Engineering processes involve different stakeholders, each with different horizons and different contexts. Waterfall project management use milestones and schedules to align their different objectives and agendas. That usually brings about cumbersome structures with bureaucratic definition of tasks, limited empowerment, and significant overheads. At the other end of the spectrum, agile methods take the opposite view by replacing planned milestones with objectives set dynamically through iterative collaboration between business and system analysts. Clearly there is room in between where both approaches should be combined, the former when integration is required, the latter otherwise.
As Falls Architecture …
Waterfalls are usually set along organizational boundaries: stakeholders set goals, business analysts define requirements, system analysts specify functionalities, system designers do the same for system components, developers implement them, and users validate deliverables.
Yet, behind and beyond those organizational outlines, there are more constraining boundaries which, contrary to the organizational ones, cannot be easily removed, or even moved:
- Requirements are set by market opportunities and business goals. Investments are to be planned, operations resources make available and their use allocated between business units. That cannot be achieved without commitments to milestones and schedules.
- Business operations are to be supported by integrated applications, and that cannot be achieved without consolidation of system functionalities across business processes. If such functional architecture is to be used as a reference, and possibly modified, by new applications, the life cycle of analysis models must be explicitly managed.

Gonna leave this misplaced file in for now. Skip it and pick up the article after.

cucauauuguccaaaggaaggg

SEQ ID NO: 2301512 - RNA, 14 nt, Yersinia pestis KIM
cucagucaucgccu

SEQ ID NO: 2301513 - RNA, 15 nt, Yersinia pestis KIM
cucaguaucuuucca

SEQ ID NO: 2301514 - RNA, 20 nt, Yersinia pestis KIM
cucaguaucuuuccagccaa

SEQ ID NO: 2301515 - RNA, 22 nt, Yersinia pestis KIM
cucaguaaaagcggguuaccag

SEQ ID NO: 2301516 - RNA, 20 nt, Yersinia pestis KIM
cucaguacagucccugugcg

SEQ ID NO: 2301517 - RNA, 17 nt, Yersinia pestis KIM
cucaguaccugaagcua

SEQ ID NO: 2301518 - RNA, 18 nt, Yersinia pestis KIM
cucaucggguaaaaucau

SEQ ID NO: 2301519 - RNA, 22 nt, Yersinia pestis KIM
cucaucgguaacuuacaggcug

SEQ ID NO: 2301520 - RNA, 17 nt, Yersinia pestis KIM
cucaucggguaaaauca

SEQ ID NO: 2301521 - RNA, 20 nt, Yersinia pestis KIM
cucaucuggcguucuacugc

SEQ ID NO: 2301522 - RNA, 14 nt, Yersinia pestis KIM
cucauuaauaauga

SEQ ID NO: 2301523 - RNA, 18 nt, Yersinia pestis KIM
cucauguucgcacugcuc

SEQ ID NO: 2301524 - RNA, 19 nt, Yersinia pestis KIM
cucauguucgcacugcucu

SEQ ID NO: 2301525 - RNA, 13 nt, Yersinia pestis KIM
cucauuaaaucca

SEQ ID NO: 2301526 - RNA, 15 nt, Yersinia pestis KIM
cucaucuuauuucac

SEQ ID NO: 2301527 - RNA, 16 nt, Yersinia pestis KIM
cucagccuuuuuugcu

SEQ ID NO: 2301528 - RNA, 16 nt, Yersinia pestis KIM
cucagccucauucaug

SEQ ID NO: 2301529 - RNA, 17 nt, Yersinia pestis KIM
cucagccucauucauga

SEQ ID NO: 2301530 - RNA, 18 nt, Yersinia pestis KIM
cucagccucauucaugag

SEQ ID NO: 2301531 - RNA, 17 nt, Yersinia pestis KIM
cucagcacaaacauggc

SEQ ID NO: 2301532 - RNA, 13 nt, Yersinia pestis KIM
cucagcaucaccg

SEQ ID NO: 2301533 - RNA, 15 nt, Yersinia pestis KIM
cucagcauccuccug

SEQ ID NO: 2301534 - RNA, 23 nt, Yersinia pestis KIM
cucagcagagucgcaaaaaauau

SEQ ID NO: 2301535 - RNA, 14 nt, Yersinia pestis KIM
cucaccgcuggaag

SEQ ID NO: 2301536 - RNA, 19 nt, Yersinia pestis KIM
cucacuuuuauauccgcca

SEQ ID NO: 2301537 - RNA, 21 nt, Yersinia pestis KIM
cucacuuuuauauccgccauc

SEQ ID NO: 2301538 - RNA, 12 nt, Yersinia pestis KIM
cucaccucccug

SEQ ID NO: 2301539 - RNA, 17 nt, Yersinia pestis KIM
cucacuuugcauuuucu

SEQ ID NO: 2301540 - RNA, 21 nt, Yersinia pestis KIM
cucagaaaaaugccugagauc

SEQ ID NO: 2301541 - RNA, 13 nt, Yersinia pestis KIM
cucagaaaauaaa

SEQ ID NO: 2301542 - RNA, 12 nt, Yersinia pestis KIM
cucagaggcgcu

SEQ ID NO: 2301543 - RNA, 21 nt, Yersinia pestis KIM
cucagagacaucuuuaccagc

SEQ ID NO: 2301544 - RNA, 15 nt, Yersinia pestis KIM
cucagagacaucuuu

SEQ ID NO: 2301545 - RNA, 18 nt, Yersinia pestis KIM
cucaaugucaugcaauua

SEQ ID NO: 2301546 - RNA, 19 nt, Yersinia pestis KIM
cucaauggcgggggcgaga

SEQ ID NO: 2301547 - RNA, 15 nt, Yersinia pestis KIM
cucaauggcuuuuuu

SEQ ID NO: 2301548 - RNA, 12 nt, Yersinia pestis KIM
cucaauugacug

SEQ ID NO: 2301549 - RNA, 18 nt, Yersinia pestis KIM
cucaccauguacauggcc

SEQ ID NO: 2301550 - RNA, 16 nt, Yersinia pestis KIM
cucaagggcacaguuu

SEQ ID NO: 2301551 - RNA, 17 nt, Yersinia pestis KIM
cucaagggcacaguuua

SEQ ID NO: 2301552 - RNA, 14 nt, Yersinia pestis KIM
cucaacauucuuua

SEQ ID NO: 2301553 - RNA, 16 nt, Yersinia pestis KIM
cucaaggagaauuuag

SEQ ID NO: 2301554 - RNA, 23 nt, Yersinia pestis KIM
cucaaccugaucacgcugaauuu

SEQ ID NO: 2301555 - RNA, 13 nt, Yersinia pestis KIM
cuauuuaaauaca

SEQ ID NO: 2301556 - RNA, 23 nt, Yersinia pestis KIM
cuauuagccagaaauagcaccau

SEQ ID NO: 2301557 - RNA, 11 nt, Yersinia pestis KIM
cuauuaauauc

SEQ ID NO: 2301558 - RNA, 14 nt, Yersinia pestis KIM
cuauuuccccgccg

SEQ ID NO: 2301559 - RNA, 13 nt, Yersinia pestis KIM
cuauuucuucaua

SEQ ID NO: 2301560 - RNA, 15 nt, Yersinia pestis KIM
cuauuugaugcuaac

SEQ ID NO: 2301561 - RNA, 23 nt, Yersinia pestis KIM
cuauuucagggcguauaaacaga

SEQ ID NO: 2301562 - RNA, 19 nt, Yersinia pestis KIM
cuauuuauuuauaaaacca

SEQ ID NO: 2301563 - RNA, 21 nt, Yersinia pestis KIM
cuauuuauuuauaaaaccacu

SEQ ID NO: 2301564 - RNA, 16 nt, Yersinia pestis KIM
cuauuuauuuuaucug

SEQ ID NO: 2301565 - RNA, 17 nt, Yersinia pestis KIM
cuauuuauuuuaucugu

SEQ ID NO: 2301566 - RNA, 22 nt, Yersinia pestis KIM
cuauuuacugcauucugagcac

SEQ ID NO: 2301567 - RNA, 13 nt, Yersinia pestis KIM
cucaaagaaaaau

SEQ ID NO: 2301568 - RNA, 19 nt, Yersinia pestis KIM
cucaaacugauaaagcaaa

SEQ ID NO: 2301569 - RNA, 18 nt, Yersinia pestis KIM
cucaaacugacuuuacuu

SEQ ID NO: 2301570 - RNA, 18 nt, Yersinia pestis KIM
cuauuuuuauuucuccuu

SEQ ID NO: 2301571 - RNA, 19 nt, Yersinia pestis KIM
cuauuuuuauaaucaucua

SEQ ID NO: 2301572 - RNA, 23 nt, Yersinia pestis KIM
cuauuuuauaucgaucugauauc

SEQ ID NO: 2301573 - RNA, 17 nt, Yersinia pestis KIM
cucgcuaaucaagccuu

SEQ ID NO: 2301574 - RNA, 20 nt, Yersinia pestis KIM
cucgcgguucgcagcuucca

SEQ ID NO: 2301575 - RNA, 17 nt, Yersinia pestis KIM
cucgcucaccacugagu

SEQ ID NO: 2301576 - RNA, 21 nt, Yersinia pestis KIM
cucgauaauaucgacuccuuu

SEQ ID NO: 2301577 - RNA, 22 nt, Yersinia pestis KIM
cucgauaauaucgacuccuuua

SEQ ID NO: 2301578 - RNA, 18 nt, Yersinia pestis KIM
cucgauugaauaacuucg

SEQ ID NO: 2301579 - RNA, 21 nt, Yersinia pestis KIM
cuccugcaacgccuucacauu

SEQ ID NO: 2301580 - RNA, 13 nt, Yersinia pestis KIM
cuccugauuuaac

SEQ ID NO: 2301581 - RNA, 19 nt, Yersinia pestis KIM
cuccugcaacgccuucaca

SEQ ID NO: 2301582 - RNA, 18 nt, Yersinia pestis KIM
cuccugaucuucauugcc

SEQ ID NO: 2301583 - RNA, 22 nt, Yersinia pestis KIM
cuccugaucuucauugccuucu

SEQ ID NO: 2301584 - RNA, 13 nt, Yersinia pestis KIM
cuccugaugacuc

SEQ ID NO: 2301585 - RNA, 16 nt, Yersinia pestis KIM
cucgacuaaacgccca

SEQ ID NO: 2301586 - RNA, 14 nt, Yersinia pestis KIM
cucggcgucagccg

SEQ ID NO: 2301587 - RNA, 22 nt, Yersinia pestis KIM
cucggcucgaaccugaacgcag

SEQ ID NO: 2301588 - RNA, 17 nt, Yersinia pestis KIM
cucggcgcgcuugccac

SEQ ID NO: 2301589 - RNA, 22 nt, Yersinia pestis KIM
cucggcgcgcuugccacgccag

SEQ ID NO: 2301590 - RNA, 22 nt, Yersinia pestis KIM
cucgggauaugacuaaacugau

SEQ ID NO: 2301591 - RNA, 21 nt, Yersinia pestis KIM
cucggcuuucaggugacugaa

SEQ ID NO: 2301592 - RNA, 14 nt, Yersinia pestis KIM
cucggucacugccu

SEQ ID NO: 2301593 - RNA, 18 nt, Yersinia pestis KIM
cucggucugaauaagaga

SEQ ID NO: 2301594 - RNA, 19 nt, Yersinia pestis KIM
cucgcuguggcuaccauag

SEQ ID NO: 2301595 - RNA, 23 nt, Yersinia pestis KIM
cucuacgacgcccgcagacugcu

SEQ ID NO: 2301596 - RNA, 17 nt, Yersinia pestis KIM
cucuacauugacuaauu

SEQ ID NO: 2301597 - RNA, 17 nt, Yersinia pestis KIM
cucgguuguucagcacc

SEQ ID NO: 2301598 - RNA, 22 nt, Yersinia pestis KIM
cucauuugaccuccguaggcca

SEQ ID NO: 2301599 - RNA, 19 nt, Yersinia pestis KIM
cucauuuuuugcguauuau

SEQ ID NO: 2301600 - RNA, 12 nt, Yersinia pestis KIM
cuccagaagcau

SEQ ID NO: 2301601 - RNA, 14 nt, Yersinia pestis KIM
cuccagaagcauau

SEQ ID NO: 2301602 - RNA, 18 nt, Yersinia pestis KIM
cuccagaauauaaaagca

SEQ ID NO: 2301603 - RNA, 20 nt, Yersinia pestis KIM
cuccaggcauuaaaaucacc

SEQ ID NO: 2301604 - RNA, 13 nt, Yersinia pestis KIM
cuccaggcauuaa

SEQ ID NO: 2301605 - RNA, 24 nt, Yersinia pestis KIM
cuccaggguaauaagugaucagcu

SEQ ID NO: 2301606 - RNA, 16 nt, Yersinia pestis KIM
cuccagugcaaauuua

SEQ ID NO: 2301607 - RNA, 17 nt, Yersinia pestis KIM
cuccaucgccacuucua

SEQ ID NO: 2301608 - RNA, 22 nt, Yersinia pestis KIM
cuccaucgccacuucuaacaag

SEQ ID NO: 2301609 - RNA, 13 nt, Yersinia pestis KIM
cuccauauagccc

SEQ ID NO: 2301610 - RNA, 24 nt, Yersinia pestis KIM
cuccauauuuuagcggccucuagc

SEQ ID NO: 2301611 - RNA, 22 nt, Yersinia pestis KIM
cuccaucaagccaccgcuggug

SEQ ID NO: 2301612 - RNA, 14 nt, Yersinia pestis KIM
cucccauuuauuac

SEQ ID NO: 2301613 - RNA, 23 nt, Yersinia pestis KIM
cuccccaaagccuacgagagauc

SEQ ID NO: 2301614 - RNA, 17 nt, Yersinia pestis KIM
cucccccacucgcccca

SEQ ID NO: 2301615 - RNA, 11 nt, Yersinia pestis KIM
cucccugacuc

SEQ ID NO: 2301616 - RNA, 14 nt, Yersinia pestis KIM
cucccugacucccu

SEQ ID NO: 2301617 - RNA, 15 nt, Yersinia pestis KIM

- The same rationale hold for design models regarding technical architectures.
… so Agile Falls.
According to the manifesto, agile development is best described by four counterpoints:
- Individuals and interactions over processes and tools (democracy trump bureaucracy).
- Working software over comprehensive documentation (animate descriptions trump inert ones).
- Customer collaboration over contract negotiation (win/win situations trump zero-sum games).
- Responding to change over following a plan (set the goal, not the path).
A noted above, that’s not always possible and some grounds are better suited than others when agility is concerned, from the natural ground of agile, where complex problems can be undertaken in isolation by combined teams, to interwoven projects involving periodic integration across domains and business units.
An ideal situation would be a standalone project without shared architectures, i.e integration tasks. That would open the way for iterative collaboration between business analyst and system developers all the way from requirement to implementation and validation.
Yet, the real challenge for the agile approach is to square its basic principles of iterative collaboration and shared responsibility within the walls raised by organizational structures or functional architectures. For that purpose agile project need to set their loops on solid ground and complete them with integration mechanisms.
Loop Invariants, Milestones, and Traceability
Whenever architectures are shared across project, iterative collaborations must take into account what is given and how new developments should be consolidated. Just like programming loops, that should be done by explicit definition for invariants, increments, and exit conditions.
The simplest configuration would be changing requirements within the perimeter of persistent or execution units, i.e without impact on functional architecture. Concretely that would cover projects limited to new features, operations and rules. A more realistic configuration would target the boundary tier, i.e not shared execution units.